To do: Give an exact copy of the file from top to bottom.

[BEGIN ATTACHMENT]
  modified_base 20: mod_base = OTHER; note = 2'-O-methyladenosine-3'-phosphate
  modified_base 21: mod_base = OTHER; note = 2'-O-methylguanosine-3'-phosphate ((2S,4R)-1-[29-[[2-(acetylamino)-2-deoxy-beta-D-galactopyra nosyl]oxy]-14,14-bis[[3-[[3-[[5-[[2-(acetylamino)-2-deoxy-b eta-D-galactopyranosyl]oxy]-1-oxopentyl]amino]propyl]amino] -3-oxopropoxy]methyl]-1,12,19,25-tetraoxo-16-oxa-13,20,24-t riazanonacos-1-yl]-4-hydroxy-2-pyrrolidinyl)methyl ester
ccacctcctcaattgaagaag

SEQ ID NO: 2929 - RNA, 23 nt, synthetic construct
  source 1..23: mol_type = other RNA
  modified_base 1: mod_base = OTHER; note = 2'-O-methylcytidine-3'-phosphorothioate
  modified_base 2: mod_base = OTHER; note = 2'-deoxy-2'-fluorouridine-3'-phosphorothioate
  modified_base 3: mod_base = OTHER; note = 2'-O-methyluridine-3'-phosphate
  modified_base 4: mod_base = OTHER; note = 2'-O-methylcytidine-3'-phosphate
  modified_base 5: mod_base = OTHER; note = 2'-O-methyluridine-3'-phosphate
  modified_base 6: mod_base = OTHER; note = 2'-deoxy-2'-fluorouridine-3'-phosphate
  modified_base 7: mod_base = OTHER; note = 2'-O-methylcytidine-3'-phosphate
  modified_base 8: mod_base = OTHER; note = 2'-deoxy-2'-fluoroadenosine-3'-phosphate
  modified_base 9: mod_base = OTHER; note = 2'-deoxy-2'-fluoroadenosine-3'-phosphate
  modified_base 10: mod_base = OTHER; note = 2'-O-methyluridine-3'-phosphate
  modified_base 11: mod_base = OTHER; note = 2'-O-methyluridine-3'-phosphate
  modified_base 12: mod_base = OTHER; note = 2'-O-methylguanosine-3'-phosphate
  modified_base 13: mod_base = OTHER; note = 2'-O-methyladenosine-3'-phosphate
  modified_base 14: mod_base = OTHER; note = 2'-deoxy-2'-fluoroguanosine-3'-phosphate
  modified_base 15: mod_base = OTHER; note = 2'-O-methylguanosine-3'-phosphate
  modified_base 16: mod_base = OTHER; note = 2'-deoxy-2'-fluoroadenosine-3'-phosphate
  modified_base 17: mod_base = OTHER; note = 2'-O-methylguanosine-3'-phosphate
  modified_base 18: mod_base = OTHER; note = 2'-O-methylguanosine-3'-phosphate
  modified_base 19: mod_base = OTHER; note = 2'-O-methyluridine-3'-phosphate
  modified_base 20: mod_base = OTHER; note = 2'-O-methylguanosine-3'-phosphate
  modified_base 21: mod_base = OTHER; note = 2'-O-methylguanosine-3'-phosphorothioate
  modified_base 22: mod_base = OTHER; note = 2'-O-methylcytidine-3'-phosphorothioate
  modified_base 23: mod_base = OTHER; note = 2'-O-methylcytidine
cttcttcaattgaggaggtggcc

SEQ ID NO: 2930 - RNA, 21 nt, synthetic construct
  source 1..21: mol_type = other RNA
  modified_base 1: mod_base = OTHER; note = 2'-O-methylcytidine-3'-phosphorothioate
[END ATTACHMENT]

  modified_base 20: mod_base = OTHER; note = 2'-O-methyladenosine-3'-phosphate
  modified_base 21: mod_base = OTHER; note = 2'-O-methylguanosine-3'-phosphate ((2S,4R)-1-[29-[[2-(acetylamino)-2-deoxy-beta-D-galactopyra nosyl]oxy]-14,14-bis[[3-[[3-[[5-[[2-(acetylamino)-2-deoxy-b eta-D-galactopyranosyl]oxy]-1-oxopentyl]amino]propyl]amino] -3-oxopropoxy]methyl]-1,12,19,25-tetraoxo-16-oxa-13,20,24-t riazanonacos-1-yl]-4-hydroxy-2-pyrrolidinyl)methyl ester
ccacctcctcaattgaagaag

SEQ ID NO: 2929 - RNA, 23 nt, synthetic construct
  source 1..23: mol_type = other RNA
  modified_base 1: mod_base = OTHER; note = 2'-O-methylcytidine-3'-phosphorothioate
  modified_base 2: mod_base = OTHER; note = 2'-deoxy-2'-fluorouridine-3'-phosphorothioate
  modified_base 3: mod_base = OTHER; note = 2'-O-methyluridine-3'-phosphate
  modified_base 4: mod_base = OTHER; note = 2'-O-methylcytidine-3'-phosphate
  modified_base 5: mod_base = OTHER; note = 2'-O-methyluridine-3'-phosphate
  modified_base 6: mod_base = OTHER; note = 2'-deoxy-2'-fluorouridine-3'-phosphate
  modified_base 7: mod_base = OTHER; note = 2'-O-methylcytidine-3'-phosphate
  modified_base 8: mod_base = OTHER; note = 2'-deoxy-2'-fluoroadenosine-3'-phosphate
  modified_base 9: mod_base = OTHER; note = 2'-deoxy-2'-fluoroadenosine-3'-phosphate
  modified_base 10: mod_base = OTHER; note = 2'-O-methyluridine-3'-phosphate
  modified_base 11: mod_base = OTHER; note = 2'-O-methyluridine-3'-phosphate
  modified_base 12: mod_base = OTHER; note = 2'-O-methylguanosine-3'-phosphate
  modified_base 13: mod_base = OTHER; note = 2'-O-methyladenosine-3'-phosphate
  modified_base 14: mod_base = OTHER; note = 2'-deoxy-2'-fluoroguanosine-3'-phosphate
  modified_base 15: mod_base = OTHER; note = 2'-O-methylguanosine-3'-phosphate
  modified_base 16: mod_base = OTHER; note = 2'-deoxy-2'-fluoroadenosine-3'-phosphate
  modified_base 17: mod_base = OTHER; note = 2'-O-methylguanosine-3'-phosphate
  modified_base 18: mod_base = OTHER; note = 2'-O-methylguanosine-3'-phosphate
  modified_base 19: mod_base = OTHER; note = 2'-O-methyluridine-3'-phosphate
  modified_base 20: mod_base = OTHER; note = 2'-O-methylguanosine-3'-phosphate
  modified_base 21: mod_base = OTHER; note = 2'-O-methylguanosine-3'-phosphorothioate
  modified_base 22: mod_base = OTHER; note = 2'-O-methylcytidine-3'-phosphorothioate
  modified_base 23: mod_base = OTHER; note = 2'-O-methylcytidine
cttcttcaattgaggaggtggcc

SEQ ID NO: 2930 - RNA, 21 nt, synthetic construct
  source 1..21: mol_type = other RNA
  modified_base 1: mod_base = OTHER; note = 2'-O-methylcytidine-3'-phosphorothioate